A life remembered: Colin Powell
William Inboden | The great soldier-statesman defended America and American exceptionalism
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In February 2002, just a few months after the Sept. 11, 2001 terrorist attacks, a snarky young European steeped in anti-Americanism posed a question to Secretary of State Colin Powell: “How do you feel about representing a country commonly perceived as the Satan of contemporary politics?”
Powell, his dander up, responded first with an eloquent defense of the American system of democratic capitalism, ordered liberty, and international leadership. Then he said this:
Far from being the Great Satan, I would say that we are the Great Protector … We defeated Fascism. We defeated Communism. We saved Europe in World War I and World War II … And when all those conflicts were over, what did we do? … Did we say “Okay, we defeated Germany. Now Germany belongs to us? We defeated Japan, so Japan belongs to us”? No … We built them up. We gave them democratic systems which they have embraced totally to their soul. And did we ask for any land? No, the only land we ever asked for was enough land to bury our dead.”
This was Powell at his best: fiercely defending our nation and our values, rebuking his sanctimonious interrogator, and reminding the world that American exceptionalism includes magnanimity in victory. Unlike the custom of plunder and conquest, when the United States wins a war, we claim no soil other than for the graves of our fallen. The American military cemeteries across Europe, at Omaha Beach and elsewhere, bear solemn witness to this history.
Powell’s defense of American honor was bolstered by his own decorated combat record in the Vietnam War and his multiple Cold War deployments to West Germany. He commanded U.S. Army forces standing sentinel at the Fulda Gap to deter a Soviet invasion. He lived what he believed.
Colin Powell died this week. As our nation mourns this old soldier, we do well to reflect on his remarkable life, the classic embodiment of the American dream. Born in Harlem to Jamaican immigrant parents of modest means, he joined ROTC as a City College of New York student, commissioning as an Army officer on graduation. His intelligence, discipline, and drive fueled a rapid rise through the ranks, then a series of policy roles that culminated in his becoming the only American in history to serve as national security advisor, chairman of the Joint Chiefs of Staff, and secretary of state. Perhaps even more notable, he was the first black American in each of those positions and was appointed to all by Republican presidents: Ronald Reagan, George H. W. Bush, and George W. Bush.
Powell’s policy achievements included helping implement Reagan’s strategy of pressure and diplomacy to bring the Soviet Union to its knees and the Cold War to a peaceful end; overseeing the military strategy that decimated the Iraqi Army and liberated Kuwait in the 1991 Persian Gulf War; and forging the international coalition that joined the United States in toppling the Taliban and pulverizing al Qaeda following the 9/11 attacks.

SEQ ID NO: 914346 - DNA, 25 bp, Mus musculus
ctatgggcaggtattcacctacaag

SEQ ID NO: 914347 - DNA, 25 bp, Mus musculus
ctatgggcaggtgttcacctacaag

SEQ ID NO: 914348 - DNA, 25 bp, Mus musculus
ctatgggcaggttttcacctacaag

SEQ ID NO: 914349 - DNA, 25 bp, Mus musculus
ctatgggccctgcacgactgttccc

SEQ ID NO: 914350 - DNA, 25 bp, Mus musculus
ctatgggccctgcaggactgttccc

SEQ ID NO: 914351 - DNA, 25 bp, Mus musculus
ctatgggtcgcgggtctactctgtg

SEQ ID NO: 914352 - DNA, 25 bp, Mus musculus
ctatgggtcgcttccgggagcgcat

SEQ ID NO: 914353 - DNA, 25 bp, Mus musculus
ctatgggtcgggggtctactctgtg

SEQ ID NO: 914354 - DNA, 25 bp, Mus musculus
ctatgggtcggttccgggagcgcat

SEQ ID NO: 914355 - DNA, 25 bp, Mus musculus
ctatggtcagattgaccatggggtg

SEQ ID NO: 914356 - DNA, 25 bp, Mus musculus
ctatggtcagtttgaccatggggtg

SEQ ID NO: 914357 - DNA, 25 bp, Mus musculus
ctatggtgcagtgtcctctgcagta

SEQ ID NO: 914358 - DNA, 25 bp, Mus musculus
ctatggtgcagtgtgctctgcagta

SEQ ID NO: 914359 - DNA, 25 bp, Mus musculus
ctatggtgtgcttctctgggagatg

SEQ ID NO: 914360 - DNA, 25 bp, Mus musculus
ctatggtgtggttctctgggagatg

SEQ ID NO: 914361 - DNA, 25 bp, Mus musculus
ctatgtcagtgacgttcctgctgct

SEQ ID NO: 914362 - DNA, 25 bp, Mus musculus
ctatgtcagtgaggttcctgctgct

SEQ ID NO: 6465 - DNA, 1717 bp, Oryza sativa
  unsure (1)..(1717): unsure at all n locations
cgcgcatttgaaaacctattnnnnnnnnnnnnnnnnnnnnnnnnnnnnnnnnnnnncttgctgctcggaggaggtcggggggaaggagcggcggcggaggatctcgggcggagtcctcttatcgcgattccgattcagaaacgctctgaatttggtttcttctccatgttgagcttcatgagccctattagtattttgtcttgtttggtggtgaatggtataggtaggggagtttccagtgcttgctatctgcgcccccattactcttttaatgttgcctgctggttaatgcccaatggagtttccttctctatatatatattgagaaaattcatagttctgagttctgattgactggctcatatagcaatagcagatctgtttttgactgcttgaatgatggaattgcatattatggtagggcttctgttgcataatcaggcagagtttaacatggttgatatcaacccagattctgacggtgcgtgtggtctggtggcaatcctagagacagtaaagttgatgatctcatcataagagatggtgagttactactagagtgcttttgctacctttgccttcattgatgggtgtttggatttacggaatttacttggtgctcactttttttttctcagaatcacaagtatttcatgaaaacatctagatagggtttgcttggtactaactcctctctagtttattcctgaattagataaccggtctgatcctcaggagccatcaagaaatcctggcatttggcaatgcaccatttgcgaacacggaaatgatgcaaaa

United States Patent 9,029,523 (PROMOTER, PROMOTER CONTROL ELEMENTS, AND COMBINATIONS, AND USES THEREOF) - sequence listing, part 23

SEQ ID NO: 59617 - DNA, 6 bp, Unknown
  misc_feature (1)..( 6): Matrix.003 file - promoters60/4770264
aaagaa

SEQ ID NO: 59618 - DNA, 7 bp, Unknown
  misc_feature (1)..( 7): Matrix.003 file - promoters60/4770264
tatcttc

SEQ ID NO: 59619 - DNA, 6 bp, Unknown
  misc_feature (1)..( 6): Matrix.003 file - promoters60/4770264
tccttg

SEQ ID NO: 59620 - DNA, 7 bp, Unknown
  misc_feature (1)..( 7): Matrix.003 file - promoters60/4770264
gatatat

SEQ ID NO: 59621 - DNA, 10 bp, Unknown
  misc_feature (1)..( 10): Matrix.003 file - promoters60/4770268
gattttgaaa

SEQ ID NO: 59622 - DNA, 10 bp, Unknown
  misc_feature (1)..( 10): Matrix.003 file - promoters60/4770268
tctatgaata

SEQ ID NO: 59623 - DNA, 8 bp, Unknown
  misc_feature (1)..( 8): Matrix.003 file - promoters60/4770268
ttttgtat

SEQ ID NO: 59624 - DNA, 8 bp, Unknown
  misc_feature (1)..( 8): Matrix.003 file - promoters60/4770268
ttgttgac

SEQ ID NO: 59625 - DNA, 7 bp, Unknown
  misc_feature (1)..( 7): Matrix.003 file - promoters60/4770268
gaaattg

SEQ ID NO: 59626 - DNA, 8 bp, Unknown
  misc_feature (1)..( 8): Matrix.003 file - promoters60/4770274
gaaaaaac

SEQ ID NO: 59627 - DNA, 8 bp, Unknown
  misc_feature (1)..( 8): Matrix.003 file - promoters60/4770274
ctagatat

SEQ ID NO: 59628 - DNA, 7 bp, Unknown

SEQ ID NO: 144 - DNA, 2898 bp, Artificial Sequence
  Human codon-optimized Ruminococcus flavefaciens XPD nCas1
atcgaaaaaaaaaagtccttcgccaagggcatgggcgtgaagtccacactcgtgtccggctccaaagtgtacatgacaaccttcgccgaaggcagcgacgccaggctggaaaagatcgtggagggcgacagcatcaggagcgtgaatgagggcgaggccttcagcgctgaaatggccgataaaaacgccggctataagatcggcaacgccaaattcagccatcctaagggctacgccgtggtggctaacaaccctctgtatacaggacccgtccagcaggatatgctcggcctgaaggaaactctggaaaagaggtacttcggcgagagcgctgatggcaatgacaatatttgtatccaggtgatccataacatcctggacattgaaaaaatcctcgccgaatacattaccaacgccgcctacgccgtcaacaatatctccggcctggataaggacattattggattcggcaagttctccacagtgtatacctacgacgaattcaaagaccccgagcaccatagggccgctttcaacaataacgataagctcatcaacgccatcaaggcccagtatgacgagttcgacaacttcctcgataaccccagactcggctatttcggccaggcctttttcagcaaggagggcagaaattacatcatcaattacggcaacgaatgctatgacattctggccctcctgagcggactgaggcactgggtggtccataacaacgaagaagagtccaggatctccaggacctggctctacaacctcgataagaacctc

Part of Powell’s record did not age well and irked me and my fellow conservatives, including his unbecoming streak of vainglory, his social liberalism, and an unfortunate habit in his later years of endorsing Democrats. But on this occasion of his death, I suggest that—while not overlooking his flaws—we weigh his American life in full and celebrate his virtues.
In that spirit, I close with the following. I served at the State Department under Powell for two years. For much of this time, I worked in the International Religious Freedom office. Among the many issues we addressed, one of the most vexing was Saudi Arabia: at once the most important global producer of hydrocarbons, a key American security partner—and a horrific persecutor of religious minorities, especially Christians.
I traveled twice to Riyadh to negotiate with Saudi authorities over their reprehensible torment of Christians and other non-Wahhabi religious believers. This included moments I shall never forget: worshipping at 3:00 am with intrepid Filipino believers in a hidden basement with mattresses nailed to the walls for sound-proofing to evade the Saudi secret police and covert meetings with Bible smugglers operating under cover of multinational petroleum companies. Sadly, our negotiations with Saudi leaders availed not. They remained intransigent in their insistence on persecuting Christians.
On returning to Washington, I joined my boss, Ambassador John Hanford, in recommending to Secretary Powell that the United States sanction Saudi Arabia as a “Country of Particular Concern” for its egregious religious intolerance. The Near East Affairs Bureau and career bureaucracy vehemently disagreed. To his everlasting credit and with Bush’s approval, Powell overruled these objections and sanctioned the Saudis, putting them in ignominious company with other oppressor states such as North Korea, Iran, China, and Sudan. On this occasion, he stood fast with the people of God.
Nations are built upon common memories. Gen. Colin Powell deserves his place in the American memory.
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